The key advantage of the dual averaging method is that it mitigates the issue of gradient sparsity: in a standard gradient update, only those parameters that were not masked in the forward pass receive a nonzero gradient, resulting in slow progress at high sparsities. Thus, dual averaging iterates are able to more quickly explore the space of possible sparsity patterns.
On the other hand, large variations in the sparsity patterns realized post-projection can lead to instability in optimization, thus hampering the final performance of the model; for instance, Top-KAST empirically benefits from the addition of sparsity-inducing regularizers on its iterates [23; 36]. This issue motivates our use of a soft top- approximation as a mechanism for controlling the stability of our training iterates.
In the following, we begin by describing the soft top- masking operation and address the issues of scalability and of applying soft top- masking to structured sparsity. We subsequently discuss how the update procedure outlined in Algorithm 3 can be incorporated within a complete training loop.
3.1 Soft Top- Masking
Our soft top- masking scheme is based on the soft top- operator described by Xie et al. . takes as input a vector , a budget parameter and a sharpness parameter , and outputs a vector . By using the magnitudes of the parameter vector as a measure of the “value” of each entry, we obtain a soft top- magnitude pruning operator by masking the entries of the parameter vector with the output of the soft top- operator:
We generalize the soft top- operator described by Xie et al.  by incorporating a strictly positive cost vector . In particular, we require that the output mask satisfies the budget constraint . This abstraction is useful for modeling several notions of heterogeneous costs associated with different sparsity patterns within a model. For instance, parameters that are repeatedly invoked within a network have a higher associated computational cost: Evci et al.  observe that the FLOP count of a ResNet-50 model at a fixed sparsity can vary by more than a factor of due to variations in the level of sparsity among convolutional layers with differing output dimensions.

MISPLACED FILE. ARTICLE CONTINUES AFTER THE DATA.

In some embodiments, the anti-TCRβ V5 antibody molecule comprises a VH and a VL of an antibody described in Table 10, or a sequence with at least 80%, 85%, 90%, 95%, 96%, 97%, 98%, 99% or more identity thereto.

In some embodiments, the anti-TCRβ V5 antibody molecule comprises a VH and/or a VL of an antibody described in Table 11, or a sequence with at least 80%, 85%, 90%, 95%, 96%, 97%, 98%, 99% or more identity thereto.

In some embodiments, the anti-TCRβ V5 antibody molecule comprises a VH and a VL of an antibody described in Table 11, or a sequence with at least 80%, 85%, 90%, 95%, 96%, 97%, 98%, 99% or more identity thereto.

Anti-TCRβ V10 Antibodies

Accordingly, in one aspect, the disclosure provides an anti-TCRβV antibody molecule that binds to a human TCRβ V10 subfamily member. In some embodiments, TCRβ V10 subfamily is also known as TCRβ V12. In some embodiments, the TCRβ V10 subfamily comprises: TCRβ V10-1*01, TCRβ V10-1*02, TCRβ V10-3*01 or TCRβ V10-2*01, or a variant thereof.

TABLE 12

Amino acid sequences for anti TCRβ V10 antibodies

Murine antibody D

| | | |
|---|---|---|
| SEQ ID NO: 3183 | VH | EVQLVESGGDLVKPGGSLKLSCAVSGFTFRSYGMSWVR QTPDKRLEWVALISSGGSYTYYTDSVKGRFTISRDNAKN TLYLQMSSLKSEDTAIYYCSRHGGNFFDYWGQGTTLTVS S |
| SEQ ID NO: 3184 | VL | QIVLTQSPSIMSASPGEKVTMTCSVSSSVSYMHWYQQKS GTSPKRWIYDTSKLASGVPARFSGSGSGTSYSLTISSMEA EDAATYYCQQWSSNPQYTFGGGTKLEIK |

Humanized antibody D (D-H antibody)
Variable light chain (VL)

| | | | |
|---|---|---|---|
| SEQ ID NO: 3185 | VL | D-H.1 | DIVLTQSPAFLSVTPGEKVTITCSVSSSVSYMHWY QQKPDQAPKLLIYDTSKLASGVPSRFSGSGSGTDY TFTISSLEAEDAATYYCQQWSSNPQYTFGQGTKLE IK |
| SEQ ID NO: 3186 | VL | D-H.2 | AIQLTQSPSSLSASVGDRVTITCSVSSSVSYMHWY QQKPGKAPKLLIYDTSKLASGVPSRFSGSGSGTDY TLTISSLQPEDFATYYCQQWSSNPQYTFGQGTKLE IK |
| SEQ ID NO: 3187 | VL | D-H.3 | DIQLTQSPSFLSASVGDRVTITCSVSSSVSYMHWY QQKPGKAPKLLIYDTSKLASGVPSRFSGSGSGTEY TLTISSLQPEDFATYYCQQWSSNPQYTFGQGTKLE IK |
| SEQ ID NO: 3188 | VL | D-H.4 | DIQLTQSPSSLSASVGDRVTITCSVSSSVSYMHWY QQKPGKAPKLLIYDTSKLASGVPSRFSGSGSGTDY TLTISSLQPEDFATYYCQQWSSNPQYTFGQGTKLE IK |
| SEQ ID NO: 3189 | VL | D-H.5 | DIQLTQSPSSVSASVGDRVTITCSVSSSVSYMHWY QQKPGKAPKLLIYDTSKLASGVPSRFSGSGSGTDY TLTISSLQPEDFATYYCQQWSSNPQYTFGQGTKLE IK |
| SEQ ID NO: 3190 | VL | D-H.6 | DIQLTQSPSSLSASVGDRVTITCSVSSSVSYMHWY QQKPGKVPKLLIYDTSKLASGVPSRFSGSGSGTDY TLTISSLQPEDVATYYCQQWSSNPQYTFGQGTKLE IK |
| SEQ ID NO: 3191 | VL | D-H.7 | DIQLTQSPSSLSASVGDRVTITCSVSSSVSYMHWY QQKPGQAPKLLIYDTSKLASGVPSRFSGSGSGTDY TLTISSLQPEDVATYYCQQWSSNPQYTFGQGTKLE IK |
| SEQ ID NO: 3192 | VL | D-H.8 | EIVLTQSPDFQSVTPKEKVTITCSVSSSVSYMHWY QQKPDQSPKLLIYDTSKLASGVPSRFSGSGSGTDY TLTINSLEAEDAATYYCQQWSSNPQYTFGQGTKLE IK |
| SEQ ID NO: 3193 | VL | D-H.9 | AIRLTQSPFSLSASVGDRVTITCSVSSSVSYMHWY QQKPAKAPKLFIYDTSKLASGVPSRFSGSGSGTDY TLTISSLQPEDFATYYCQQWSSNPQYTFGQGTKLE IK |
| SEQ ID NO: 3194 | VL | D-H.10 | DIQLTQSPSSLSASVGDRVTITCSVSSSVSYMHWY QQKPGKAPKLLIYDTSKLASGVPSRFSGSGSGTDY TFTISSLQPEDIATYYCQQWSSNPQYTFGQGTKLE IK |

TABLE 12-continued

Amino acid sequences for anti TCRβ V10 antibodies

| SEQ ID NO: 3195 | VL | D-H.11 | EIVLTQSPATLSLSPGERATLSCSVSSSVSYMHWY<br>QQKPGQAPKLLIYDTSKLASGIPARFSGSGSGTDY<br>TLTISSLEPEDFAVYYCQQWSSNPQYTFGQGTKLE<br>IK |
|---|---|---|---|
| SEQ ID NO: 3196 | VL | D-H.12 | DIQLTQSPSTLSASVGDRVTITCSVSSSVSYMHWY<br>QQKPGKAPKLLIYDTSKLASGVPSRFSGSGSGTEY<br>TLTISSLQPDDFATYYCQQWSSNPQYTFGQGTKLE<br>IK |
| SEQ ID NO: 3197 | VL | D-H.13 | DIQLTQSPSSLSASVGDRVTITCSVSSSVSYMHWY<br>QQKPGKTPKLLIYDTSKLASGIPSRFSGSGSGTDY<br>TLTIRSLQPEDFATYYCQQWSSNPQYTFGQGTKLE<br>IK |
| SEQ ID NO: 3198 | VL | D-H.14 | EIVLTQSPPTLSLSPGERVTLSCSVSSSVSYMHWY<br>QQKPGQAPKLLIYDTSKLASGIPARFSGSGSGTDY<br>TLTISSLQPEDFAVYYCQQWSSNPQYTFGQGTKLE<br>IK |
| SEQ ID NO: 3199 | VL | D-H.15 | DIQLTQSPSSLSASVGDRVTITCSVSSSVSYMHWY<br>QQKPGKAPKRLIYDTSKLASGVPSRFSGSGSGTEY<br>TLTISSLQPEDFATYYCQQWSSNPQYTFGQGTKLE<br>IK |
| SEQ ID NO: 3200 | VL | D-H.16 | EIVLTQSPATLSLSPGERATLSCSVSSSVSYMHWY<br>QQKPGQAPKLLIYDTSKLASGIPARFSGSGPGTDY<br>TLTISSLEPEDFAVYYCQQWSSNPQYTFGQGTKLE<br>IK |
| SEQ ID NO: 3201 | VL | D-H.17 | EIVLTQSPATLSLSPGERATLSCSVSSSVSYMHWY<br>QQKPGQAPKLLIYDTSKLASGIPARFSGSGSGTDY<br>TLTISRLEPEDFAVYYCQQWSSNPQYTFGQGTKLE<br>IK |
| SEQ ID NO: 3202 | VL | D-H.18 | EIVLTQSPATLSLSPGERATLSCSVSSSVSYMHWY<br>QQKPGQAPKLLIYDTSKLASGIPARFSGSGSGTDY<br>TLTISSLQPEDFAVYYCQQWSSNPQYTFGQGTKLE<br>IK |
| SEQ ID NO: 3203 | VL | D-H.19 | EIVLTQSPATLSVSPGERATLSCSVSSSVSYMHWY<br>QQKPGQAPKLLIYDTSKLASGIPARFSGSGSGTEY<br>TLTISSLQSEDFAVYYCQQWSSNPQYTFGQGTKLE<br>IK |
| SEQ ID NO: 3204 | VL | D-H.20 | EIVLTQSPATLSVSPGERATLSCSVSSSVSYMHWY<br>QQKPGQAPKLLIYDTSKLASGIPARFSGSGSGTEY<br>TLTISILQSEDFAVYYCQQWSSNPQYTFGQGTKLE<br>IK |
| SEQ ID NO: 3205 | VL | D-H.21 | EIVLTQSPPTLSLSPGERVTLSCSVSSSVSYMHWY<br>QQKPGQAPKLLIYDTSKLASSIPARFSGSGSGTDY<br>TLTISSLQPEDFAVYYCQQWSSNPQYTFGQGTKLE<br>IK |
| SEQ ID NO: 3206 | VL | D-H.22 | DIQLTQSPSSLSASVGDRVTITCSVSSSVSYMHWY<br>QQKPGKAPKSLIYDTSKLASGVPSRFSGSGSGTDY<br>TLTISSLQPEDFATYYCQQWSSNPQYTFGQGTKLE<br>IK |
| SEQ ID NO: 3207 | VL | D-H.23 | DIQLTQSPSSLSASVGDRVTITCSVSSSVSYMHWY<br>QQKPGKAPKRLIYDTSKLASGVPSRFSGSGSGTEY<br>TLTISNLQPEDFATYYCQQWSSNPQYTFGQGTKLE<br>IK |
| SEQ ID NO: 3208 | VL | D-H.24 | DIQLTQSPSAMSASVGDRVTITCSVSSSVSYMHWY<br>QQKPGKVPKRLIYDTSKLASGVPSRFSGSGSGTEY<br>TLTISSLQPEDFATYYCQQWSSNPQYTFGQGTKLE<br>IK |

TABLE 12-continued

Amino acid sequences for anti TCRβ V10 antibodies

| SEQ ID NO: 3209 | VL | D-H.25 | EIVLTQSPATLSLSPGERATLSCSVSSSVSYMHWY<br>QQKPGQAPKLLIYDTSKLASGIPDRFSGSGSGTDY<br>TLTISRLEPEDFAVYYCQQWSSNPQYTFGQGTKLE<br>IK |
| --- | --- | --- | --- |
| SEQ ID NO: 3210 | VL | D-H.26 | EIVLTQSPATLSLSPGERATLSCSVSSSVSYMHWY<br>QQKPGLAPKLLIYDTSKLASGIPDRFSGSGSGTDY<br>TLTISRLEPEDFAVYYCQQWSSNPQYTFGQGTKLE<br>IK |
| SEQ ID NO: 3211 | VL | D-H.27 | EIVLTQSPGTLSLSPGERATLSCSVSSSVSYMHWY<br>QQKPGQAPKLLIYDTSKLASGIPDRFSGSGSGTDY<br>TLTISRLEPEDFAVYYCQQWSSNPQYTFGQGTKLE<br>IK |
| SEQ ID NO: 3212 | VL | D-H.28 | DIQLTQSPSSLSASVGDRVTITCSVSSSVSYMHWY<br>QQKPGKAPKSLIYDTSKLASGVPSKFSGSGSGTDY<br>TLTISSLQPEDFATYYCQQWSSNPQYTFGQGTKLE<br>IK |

To derive the cost-sensitive soft top-
operator, we begin by expressing the optimal mask as the solution to the following linear program (LP):
Deferring the details to the Appendix, we rewrite this LP in the following form with :
We identify this LP as an optimal transportation problem with the variables and profit matrix defined by the normalized values . Note that when , this LP reduces to the original soft top- OT problem from Xie et al. .
In order to efficiently approximate the solution to Problem 2, we add entropic regularization with weight and solve the resulting regularized problem using the Sinkhorn-Knopp algorithm [12; 4; 11]. Algorithms 4 and 5 describe the forward and backward passes of the cost-sensitive soft top- operator respectively. The expression for the gradient in Algorithm 5 follows from Theorem 3 in Xie et al.  with some algebraic simplification. We remark that this closed-form backward pass is approximate in the sense that it assumes that we obtain the optimal dual variables in the forward pass; in practice, we do not encounter issues when using approximate values of the dual variables with tolerance and a maximum iteration count of in Algorithm 4.
Scalability. Since we apply soft top- masking to high-dimensional parameters in each iteration of training, it is important to minimize the computational overhead of Sinkhorn iteration in the forward pass. We observe that in order to compute the hard top- projection step in dual averaging (as in Algorithm 3), it is necessary to find the index of the th largest entry of . By using the value to initialize the dual variable , we can accelerate the convergence of Sinkhorn iteration. Concretely, we demonstrate in Sec. 4.3 that our implementation of Spartan incurs a per-iteration runtime overhead of approximately 5% over standard dense ResNet-50 training.